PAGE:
Pilot Reacts to FAA's Drone Delay in RGV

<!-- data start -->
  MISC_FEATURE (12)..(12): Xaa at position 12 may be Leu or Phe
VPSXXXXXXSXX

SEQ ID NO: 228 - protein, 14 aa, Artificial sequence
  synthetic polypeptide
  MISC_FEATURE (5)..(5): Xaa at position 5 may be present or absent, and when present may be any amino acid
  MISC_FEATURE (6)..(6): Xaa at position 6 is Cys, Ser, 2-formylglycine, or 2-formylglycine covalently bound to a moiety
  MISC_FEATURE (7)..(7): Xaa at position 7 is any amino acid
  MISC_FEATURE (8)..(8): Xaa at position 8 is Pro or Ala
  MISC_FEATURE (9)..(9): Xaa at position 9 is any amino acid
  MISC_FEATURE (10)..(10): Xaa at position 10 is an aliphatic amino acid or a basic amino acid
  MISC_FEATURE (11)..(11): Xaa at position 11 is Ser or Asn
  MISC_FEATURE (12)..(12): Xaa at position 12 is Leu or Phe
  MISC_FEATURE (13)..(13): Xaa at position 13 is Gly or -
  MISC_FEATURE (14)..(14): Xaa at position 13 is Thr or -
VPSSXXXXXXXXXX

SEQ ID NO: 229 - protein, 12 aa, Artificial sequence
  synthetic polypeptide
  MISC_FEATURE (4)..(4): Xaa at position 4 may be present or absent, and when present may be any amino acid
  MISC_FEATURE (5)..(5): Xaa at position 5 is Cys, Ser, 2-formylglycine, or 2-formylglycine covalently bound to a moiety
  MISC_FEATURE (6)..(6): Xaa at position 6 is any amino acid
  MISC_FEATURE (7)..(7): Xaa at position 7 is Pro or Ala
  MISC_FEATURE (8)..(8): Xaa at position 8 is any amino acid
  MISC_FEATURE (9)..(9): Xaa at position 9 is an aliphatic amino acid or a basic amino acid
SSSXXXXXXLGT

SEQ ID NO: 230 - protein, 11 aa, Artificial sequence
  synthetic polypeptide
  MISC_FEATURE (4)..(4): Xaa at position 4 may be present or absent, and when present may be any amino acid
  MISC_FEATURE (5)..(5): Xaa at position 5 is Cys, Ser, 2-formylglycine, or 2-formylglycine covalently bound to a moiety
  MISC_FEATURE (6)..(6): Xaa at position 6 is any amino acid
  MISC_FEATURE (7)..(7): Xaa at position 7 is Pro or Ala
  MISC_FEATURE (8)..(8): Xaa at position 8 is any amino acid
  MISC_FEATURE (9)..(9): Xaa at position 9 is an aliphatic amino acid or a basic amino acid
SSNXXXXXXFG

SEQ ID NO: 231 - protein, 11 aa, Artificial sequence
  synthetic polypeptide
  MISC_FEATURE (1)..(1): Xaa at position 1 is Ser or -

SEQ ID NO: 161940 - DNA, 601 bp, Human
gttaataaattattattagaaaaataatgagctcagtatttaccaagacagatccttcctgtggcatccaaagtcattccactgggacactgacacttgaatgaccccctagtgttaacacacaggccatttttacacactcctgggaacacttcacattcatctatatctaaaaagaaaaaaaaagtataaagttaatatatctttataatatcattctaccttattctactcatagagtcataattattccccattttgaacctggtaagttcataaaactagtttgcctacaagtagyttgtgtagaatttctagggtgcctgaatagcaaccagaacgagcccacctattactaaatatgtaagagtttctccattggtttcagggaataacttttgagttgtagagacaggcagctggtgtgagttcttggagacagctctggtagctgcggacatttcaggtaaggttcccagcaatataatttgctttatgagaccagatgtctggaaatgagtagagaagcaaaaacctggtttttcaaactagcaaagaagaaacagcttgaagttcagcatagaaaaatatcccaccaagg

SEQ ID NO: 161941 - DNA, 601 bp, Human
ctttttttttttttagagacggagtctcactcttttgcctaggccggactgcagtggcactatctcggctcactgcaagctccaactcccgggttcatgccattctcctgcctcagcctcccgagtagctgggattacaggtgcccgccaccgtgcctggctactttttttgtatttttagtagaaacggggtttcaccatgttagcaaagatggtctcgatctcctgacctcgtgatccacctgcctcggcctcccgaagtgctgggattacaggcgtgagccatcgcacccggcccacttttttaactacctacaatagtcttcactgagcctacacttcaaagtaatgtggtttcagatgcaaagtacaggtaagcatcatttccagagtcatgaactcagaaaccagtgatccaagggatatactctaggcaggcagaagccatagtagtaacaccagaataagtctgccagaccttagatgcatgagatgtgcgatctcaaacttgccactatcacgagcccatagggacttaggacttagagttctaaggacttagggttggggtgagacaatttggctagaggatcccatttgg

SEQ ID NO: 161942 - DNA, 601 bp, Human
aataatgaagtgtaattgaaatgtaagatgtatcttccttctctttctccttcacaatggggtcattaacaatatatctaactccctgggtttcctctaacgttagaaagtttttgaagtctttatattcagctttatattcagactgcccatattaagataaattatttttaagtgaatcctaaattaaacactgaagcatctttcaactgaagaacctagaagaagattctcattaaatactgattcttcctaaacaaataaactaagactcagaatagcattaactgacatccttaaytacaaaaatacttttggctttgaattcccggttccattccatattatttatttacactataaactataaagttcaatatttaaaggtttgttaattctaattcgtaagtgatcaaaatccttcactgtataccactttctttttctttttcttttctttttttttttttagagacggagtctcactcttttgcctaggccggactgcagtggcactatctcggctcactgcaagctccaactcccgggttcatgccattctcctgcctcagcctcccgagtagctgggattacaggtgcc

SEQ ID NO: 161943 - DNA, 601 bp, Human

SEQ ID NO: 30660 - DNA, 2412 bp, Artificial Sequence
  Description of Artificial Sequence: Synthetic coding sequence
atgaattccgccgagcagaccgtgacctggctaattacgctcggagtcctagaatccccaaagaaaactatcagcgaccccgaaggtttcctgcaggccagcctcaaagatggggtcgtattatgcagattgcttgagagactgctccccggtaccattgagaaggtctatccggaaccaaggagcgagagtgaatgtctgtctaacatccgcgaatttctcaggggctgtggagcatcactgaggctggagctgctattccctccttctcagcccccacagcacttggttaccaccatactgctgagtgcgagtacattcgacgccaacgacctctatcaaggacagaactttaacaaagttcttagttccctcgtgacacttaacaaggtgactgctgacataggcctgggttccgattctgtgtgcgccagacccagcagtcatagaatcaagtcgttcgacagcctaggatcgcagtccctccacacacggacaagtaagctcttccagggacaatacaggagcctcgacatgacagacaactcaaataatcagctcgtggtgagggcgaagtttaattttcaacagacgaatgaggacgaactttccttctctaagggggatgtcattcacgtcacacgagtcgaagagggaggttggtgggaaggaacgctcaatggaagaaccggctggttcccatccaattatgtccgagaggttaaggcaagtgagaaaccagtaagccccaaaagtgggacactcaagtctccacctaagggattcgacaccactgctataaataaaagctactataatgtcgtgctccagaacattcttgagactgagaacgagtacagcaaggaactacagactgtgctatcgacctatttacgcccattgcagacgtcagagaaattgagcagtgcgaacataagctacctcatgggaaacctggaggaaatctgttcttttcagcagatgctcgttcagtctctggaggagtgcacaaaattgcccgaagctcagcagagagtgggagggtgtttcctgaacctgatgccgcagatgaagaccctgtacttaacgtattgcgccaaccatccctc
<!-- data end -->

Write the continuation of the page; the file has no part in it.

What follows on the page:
He may be the Director of Homeland Security and the Emergency Management Coordinator for Weslaco and Donna, but George Garrett is also a commercially rated pilot with army combat experience. He supports the use of unmanned aircraft vehicles or UAV's along the United States border with Mexico. "I think it's a good idea because it gives us an ability to see what's happening on both sides of our border without interfering with the neutrality or crossing into another country TMs airspace," Garrett said. UAV's come in a variety of shapes and sizes and are remotely controlled by someone on the ground. They've proved their usefulness and reliability in the war zones of Afghanistan and Iraq by providing uncanny imagery while flying virtually undetected. And while the pressure is on to allow them to fly along the border from El Paso to Corpus Christi, the Federal Aviation Administration has been hesitant to act. "I don't see what the FAA's opposition to this project is... I think it would be beneficial to law enforcement and to border patrol and also securing our border," Garrett said. FAA officials are worried UAV's might plow into airliners, cargo planes and jets that fly at high altitudes, according to published reports. Other concerns include: lost communication between the unmanned aircraft and operators controlling them and the potential danger centered on lower altitude aircraft found in smaller cities that aren't equipped with collision warning systems. We asked Garrett about the risks. "I don't think the air traffic issue is even an issue," he said. Texas officials including Governor Rick Perry, Senators Hutchinson and Cornyn as well as Representative Henry Cuellar continue to push the FAA to approve requests to use drones here along the border.